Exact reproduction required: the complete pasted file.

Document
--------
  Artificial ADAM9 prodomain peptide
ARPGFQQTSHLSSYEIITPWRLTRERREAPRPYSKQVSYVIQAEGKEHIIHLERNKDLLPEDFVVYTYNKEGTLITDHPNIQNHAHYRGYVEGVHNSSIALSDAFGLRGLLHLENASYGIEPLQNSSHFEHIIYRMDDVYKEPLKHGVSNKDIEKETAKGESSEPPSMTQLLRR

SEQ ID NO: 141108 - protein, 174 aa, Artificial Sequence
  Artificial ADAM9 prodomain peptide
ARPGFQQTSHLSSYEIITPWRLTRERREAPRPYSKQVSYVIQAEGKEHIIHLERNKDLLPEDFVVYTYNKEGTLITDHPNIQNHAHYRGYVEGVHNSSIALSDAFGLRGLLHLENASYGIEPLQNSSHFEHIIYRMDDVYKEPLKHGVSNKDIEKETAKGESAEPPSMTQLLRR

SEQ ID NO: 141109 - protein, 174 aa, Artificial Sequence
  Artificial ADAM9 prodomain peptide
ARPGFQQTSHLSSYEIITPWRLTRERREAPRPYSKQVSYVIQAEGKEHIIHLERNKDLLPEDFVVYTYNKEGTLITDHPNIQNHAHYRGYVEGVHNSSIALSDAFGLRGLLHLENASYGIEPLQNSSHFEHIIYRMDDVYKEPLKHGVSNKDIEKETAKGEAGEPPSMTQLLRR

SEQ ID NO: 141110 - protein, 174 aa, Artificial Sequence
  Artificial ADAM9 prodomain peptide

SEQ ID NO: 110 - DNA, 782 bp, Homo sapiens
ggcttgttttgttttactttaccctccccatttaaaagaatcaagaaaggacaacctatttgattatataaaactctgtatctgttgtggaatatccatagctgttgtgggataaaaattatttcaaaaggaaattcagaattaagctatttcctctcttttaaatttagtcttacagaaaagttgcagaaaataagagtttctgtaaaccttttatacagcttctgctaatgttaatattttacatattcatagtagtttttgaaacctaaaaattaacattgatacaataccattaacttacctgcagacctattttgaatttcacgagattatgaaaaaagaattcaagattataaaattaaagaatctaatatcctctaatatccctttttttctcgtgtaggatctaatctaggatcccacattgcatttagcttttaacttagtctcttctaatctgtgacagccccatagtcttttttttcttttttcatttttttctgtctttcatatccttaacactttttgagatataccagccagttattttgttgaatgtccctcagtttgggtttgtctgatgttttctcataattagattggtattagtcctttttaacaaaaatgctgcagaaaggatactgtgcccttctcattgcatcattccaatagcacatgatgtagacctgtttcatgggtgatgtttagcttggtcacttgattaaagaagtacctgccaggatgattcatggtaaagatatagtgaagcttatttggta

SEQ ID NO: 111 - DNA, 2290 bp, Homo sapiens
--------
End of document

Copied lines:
  Artificial ADAM9 prodomain peptide
ARPGFQQTSHLSSYEIITPWRLTRERREAPRPYSKQVSYVIQAEGKEHIIHLERNKDLLPEDFVVYTYNKEGTLITDHPNIQNHAHYRGYVEGVHNSSIALSDAFGLRGLLHLENASYGIEPLQNSSHFEHIIYRMDDVYKEPLKHGVSNKDIEKETAKGESSEPPSMTQLLRR

SEQ ID NO: 141108 - protein, 174 aa, Artificial Sequence
  Artificial ADAM9 prodomain peptide
ARPGFQQTSHLSSYEIITPWRLTRERREAPRPYSKQVSYVIQAEGKEHIIHLERNKDLLPEDFVVYTYNKEGTLITDHPNIQNHAHYRGYVEGVHNSSIALSDAFGLRGLLHLENASYGIEPLQNSSHFEHIIYRMDDVYKEPLKHGVSNKDIEKETAKGESAEPPSMTQLLRR

SEQ ID NO: 141109 - protein, 174 aa, Artificial Sequence
  Artificial ADAM9 prodomain peptide
ARPGFQQTSHLSSYEIITPWRLTRERREAPRPYSKQVSYVIQAEGKEHIIHLERNKDLLPEDFVVYTYNKEGTLITDHPNIQNHAHYRGYVEGVHNSSIALSDAFGLRGLLHLENASYGIEPLQNSSHFEHIIYRMDDVYKEPLKHGVSNKDIEKETAKGEAGEPPSMTQLLRR

SEQ ID NO: 141110 - protein, 174 aa, Artificial Sequence
  Artificial ADAM9 prodomain peptide

SEQ ID NO: 110 - DNA, 782 bp, Homo sapiens
ggcttgttttgttttactttaccctccccatttaaaagaatcaagaaaggacaacctatttgattatataaaactctgtatctgttgtggaatatccatagctgttgtgggataaaaattatttcaaaaggaaattcagaattaagctatttcctctcttttaaatttagtcttacagaaaagttgcagaaaataagagtttctgtaaaccttttatacagcttctgctaatgttaatattttacatattcatagtagtttttgaaacctaaaaattaacattgatacaataccattaacttacctgcagacctattttgaatttcacgagattatgaaaaaagaattcaagattataaaattaaagaatctaatatcctctaatatccctttttttctcgtgtaggatctaatctaggatcccacattgcatttagcttttaacttagtctcttctaatctgtgacagccccatagtcttttttttcttttttcatttttttctgtctttcatatccttaacactttttgagatataccagccagttattttgttgaatgtccctcagtttgggtttgtctgatgttttctcataattagattggtattagtcctttttaacaaaaatgctgcagaaaggatactgtgcccttctcattgcatcattccaatagcacatgatgtagacctgtttcatgggtgatgtttagcttggtcacttgattaaagaagtacctgccaggatgattcatggtaaagatatagtgaagcttatttggta

SEQ ID NO: 111 - DNA, 2290 bp, Homo sapiens